Oral Health Group
Feature

So You Want To Treat Children?

January 16, 2018
by Julian Geller, DDS, MScD (Paedo)


Paediatric dentistry has always been a challenge, especially in the area of patient management. Typically in the past, it was recommended that a child be seen by a dentist between the ages of two and half and three years. Unfortunately, by that time many children presented with advanced dental decay and parents with a host of negative preconceived notions of what to expect. Clearly this was a challenge to the dentist.

There have been many changes over the years such as early engagement with infants and toddlers, micro-managing parents and keen scrutiny from various sources. We now recommend that children see a dentist for their first visit when the child’s first tooth erupts or by their first birthday. While this is a positive step in the interest of good dental health for children, it presents new challenges for the dentist in terms of patient management. Learning specific techniques in order to examine and provide information about the very young child becomes imperative. Certain skills are also required to positively engage the parent during this exam process. Parents are often anxious about the appointment and misinformed. Furthermore, older children have a keen eye that can make them wary and uncomfortable. Forming a trust can be the difference between a positive or negative experience. On occasion, a parent with a subtle remark or negative inference can unknowingly sabotage that trust.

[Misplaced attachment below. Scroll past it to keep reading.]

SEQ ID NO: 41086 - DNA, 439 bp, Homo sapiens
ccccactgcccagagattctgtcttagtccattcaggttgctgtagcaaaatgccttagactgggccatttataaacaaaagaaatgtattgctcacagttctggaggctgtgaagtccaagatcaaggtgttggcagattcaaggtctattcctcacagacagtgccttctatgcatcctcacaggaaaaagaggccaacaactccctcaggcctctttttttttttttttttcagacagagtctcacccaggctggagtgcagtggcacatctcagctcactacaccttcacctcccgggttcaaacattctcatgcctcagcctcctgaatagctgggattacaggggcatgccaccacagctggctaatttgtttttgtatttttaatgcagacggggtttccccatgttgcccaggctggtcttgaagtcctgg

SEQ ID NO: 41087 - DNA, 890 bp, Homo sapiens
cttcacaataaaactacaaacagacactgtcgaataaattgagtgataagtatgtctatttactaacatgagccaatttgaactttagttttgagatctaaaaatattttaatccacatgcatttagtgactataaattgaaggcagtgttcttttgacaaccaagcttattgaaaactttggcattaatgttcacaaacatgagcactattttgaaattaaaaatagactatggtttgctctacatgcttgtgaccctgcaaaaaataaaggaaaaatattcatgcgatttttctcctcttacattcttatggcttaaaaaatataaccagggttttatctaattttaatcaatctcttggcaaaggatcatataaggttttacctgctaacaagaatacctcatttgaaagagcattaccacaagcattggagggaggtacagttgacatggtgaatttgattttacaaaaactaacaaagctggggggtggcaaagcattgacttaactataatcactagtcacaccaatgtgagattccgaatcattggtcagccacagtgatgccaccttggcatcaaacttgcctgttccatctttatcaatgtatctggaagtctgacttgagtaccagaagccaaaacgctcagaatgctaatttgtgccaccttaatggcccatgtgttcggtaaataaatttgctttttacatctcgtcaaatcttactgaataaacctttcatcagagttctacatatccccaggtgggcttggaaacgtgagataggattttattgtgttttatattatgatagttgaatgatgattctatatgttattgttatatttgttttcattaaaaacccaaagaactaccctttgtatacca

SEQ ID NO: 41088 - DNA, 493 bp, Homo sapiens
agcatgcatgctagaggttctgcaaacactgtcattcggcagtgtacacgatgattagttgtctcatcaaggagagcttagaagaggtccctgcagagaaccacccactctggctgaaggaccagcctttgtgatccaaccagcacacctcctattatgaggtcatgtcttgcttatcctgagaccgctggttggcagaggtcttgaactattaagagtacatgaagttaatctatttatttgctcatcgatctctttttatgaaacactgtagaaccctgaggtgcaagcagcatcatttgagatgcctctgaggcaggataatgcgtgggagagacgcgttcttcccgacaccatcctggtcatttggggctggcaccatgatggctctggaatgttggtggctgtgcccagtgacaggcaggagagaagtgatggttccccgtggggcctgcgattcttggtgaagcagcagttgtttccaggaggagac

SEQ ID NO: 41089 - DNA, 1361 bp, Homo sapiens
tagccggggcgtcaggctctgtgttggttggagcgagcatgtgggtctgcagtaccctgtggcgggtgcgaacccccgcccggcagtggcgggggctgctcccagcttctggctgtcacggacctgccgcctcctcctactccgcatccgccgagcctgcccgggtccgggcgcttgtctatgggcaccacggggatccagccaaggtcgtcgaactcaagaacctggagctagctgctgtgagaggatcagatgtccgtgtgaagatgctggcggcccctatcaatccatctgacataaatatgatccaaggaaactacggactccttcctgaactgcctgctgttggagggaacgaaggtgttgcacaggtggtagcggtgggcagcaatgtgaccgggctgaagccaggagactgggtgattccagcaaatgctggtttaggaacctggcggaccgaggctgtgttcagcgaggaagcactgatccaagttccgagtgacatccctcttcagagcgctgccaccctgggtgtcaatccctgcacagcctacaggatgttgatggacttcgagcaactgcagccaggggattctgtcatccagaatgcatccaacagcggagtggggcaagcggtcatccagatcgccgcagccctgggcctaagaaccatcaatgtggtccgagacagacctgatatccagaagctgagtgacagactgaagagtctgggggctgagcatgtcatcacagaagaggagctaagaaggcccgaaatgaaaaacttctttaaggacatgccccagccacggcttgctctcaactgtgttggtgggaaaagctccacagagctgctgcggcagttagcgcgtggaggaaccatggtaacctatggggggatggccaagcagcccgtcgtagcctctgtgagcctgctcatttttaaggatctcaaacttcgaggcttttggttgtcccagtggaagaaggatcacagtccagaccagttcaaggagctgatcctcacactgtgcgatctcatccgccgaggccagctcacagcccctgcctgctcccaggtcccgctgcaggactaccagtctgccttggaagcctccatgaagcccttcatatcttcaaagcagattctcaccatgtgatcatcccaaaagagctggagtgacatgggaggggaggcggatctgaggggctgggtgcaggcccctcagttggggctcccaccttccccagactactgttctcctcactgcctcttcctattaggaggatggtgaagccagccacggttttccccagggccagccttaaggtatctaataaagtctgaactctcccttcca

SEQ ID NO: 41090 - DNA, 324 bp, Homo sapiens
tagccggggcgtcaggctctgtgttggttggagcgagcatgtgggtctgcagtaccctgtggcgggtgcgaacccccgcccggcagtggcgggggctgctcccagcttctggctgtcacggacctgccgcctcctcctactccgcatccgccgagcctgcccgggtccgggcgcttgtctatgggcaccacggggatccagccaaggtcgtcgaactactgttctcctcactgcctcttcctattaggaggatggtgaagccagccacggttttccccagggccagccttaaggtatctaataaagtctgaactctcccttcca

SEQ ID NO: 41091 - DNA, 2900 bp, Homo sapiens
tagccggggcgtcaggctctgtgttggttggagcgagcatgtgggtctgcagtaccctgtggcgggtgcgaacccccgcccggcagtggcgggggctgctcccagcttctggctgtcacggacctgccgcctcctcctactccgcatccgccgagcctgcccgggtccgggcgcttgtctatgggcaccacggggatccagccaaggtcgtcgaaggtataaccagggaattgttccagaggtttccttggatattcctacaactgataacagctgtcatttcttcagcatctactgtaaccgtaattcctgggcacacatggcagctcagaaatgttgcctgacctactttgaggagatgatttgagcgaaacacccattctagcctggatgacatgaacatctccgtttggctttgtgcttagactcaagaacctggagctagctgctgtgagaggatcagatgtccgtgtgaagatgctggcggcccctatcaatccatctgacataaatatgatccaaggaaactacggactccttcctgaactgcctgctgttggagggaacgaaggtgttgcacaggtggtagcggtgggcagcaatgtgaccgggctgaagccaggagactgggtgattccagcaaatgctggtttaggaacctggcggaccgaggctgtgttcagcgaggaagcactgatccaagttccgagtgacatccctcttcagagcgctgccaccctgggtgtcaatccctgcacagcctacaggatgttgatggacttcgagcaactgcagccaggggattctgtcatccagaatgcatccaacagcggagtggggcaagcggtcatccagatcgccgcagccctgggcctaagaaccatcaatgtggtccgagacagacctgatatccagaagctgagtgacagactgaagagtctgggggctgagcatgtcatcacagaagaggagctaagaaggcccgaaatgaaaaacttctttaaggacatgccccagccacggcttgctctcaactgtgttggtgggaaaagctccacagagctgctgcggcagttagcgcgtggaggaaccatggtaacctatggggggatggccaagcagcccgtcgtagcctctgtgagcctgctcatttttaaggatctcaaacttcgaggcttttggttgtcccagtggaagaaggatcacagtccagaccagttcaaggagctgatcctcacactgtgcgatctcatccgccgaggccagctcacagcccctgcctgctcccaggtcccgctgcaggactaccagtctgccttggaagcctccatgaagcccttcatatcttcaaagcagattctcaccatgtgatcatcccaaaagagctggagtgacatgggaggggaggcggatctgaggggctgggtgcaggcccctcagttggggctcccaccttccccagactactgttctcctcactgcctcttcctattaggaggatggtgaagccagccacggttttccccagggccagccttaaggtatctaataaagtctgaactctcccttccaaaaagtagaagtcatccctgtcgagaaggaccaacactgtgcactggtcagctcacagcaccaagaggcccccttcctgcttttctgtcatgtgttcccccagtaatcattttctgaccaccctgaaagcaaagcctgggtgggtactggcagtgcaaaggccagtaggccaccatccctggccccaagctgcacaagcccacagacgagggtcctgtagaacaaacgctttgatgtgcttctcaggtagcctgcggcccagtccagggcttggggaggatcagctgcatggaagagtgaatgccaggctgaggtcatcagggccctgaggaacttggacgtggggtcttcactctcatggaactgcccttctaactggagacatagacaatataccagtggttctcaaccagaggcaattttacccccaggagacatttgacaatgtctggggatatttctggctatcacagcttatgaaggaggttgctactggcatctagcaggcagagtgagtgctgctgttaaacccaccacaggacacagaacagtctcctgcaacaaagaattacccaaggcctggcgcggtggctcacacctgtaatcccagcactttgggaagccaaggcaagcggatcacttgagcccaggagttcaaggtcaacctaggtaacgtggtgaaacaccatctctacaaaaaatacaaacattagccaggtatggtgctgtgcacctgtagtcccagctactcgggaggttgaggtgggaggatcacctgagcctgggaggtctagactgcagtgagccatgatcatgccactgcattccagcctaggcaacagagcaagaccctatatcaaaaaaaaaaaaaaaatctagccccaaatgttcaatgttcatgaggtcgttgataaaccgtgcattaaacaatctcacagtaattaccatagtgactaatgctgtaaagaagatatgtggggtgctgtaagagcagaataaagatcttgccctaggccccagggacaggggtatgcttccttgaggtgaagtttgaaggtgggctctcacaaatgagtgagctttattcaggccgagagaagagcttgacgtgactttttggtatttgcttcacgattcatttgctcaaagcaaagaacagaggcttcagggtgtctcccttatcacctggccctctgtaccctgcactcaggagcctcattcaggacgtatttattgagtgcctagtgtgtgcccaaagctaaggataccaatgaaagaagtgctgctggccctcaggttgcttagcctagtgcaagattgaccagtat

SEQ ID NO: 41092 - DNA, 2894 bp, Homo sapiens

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The role of the dentist is to encourage a positive interaction with the child and the parent(s). The ideal situation is one where parents can be present for procedures offering silent support. Once an optimal level of cooperation is achieved then the focus is on the child and completing the procedure at hand. Gaining the child’s trust is imperative. This can only be successful when the dentist maintains an atmosphere of encouragement, positive reinforcement and truthfulness. It is important to be honest with children and choose one’s words wisely as children can sense insincerity. Not all children can be successfully treated. The use of sedation or a referral to a paediatric dentist may be inevitable for some children. However, by taking the time and effort, great satisfaction can come from meeting the challenge of treating a difficult child. OH


Dr. Julian Geller is a paediatric dentist in private practice in Toronto, Ontario. He is also a clinical instructor in paediatric dentistry in the Faculty of Dentistry at the University of Toronto.